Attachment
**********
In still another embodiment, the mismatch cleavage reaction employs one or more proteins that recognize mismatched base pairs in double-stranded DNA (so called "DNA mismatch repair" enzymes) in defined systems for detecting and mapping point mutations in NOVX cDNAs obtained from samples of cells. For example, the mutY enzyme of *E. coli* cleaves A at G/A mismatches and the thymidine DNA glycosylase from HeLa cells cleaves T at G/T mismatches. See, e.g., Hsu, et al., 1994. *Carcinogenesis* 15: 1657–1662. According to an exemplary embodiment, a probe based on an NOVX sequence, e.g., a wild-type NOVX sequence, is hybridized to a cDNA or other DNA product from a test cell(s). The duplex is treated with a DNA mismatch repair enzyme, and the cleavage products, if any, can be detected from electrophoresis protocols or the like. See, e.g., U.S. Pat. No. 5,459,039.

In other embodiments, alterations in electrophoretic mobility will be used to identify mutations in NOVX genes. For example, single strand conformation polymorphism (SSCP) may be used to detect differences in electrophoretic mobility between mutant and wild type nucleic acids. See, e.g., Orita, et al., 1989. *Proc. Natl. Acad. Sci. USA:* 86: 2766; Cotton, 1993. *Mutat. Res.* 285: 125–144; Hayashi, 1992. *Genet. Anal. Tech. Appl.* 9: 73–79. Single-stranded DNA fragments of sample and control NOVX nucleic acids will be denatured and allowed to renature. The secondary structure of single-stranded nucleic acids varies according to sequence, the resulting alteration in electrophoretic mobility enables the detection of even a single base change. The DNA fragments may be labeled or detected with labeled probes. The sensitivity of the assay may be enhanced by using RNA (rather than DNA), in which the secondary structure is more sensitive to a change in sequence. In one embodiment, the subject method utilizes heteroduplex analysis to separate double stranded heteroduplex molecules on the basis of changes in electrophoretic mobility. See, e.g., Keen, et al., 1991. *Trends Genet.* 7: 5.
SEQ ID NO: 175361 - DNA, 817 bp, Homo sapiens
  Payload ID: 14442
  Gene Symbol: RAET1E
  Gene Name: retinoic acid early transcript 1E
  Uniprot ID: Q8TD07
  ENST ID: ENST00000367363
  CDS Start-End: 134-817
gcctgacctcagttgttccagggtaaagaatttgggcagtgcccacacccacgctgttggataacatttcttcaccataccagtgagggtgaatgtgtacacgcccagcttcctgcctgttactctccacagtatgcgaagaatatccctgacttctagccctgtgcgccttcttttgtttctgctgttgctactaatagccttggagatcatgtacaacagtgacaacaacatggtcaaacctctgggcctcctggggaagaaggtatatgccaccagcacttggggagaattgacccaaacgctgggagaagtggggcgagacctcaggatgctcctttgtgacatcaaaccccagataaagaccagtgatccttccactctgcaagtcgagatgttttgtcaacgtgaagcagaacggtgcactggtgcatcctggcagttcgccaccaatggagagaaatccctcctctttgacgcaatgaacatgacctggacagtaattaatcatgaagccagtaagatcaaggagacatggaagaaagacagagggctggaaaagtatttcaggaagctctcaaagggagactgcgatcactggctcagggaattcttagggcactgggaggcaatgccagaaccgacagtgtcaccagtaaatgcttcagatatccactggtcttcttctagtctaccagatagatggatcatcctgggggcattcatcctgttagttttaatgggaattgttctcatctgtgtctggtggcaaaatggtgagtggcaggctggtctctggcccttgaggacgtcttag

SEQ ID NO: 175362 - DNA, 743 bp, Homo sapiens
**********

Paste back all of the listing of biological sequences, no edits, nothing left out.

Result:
In still another embodiment, the mismatch cleavage reaction employs one or more proteins that recognize mismatched base pairs in double-stranded DNA (so called "DNA mismatch repair" enzymes) in defined systems for detecting and mapping point mutations in NOVX cDNAs obtained from samples of cells. For example, the mutY enzyme of *E. coli* cleaves A at G/A mismatches and the thymidine DNA glycosylase from HeLa cells cleaves T at G/T mismatches. See, e.g., Hsu, et al., 1994. *Carcinogenesis* 15: 1657–1662. According to an exemplary embodiment, a probe based on an NOVX sequence, e.g., a wild-type NOVX sequence, is hybridized to a cDNA or other DNA product from a test cell(s). The duplex is treated with a DNA mismatch repair enzyme, and the cleavage products, if any, can be detected from electrophoresis protocols or the like. See, e.g., U.S. Pat. No. 5,459,039.

In other embodiments, alterations in electrophoretic mobility will be used to identify mutations in NOVX genes. For example, single strand conformation polymorphism (SSCP) may be used to detect differences in electrophoretic mobility between mutant and wild type nucleic acids. See, e.g., Orita, et al., 1989. *Proc. Natl. Acad. Sci. USA:* 86: 2766; Cotton, 1993. *Mutat. Res.* 285: 125–144; Hayashi, 1992. *Genet. Anal. Tech. Appl.* 9: 73–79. Single-stranded DNA fragments of sample and control NOVX nucleic acids will be denatured and allowed to renature. The secondary structure of single-stranded nucleic acids varies according to sequence, the resulting alteration in electrophoretic mobility enables the detection of even a single base change. The DNA fragments may be labeled or detected with labeled probes. The sensitivity of the assay may be enhanced by using RNA (rather than DNA), in which the secondary structure is more sensitive to a change in sequence. In one embodiment, the subject method utilizes heteroduplex analysis to separate double stranded heteroduplex molecules on the basis of changes in electrophoretic mobility. See, e.g., Keen, et al., 1991. *Trends Genet.* 7: 5.
SEQ ID NO: 175361 - DNA, 817 bp, Homo sapiens
  Payload ID: 14442
  Gene Symbol: RAET1E
  Gene Name: retinoic acid early transcript 1E
  Uniprot ID: Q8TD07
  ENST ID: ENST00000367363
  CDS Start-End: 134-817
gcctgacctcagttgttccagggtaaagaatttgggcagtgcccacacccacgctgttggataacatttcttcaccataccagtgagggtgaatgtgtacacgcccagcttcctgcctgttactctccacagtatgcgaagaatatccctgacttctagccctgtgcgccttcttttgtttctgctgttgctactaatagccttggagatcatgtacaacagtgacaacaacatggtcaaacctctgggcctcctggggaagaaggtatatgccaccagcacttggggagaattgacccaaacgctgggagaagtggggcgagacctcaggatgctcctttgtgacatcaaaccccagataaagaccagtgatccttccactctgcaagtcgagatgttttgtcaacgtgaagcagaacggtgcactggtgcatcctggcagttcgccaccaatggagagaaatccctcctctttgacgcaatgaacatgacctggacagtaattaatcatgaagccagtaagatcaaggagacatggaagaaagacagagggctggaaaagtatttcaggaagctctcaaagggagactgcgatcactggctcagggaattcttagggcactgggaggcaatgccagaaccgacagtgtcaccagtaaatgcttcagatatccactggtcttcttctagtctaccagatagatggatcatcctgggggcattcatcctgttagttttaatgggaattgttctcatctgtgtctggtggcaaaatggtgagtggcaggctggtctctggcccttgaggacgtcttag

SEQ ID NO: 175362 - DNA, 743 bp, Homo sapiens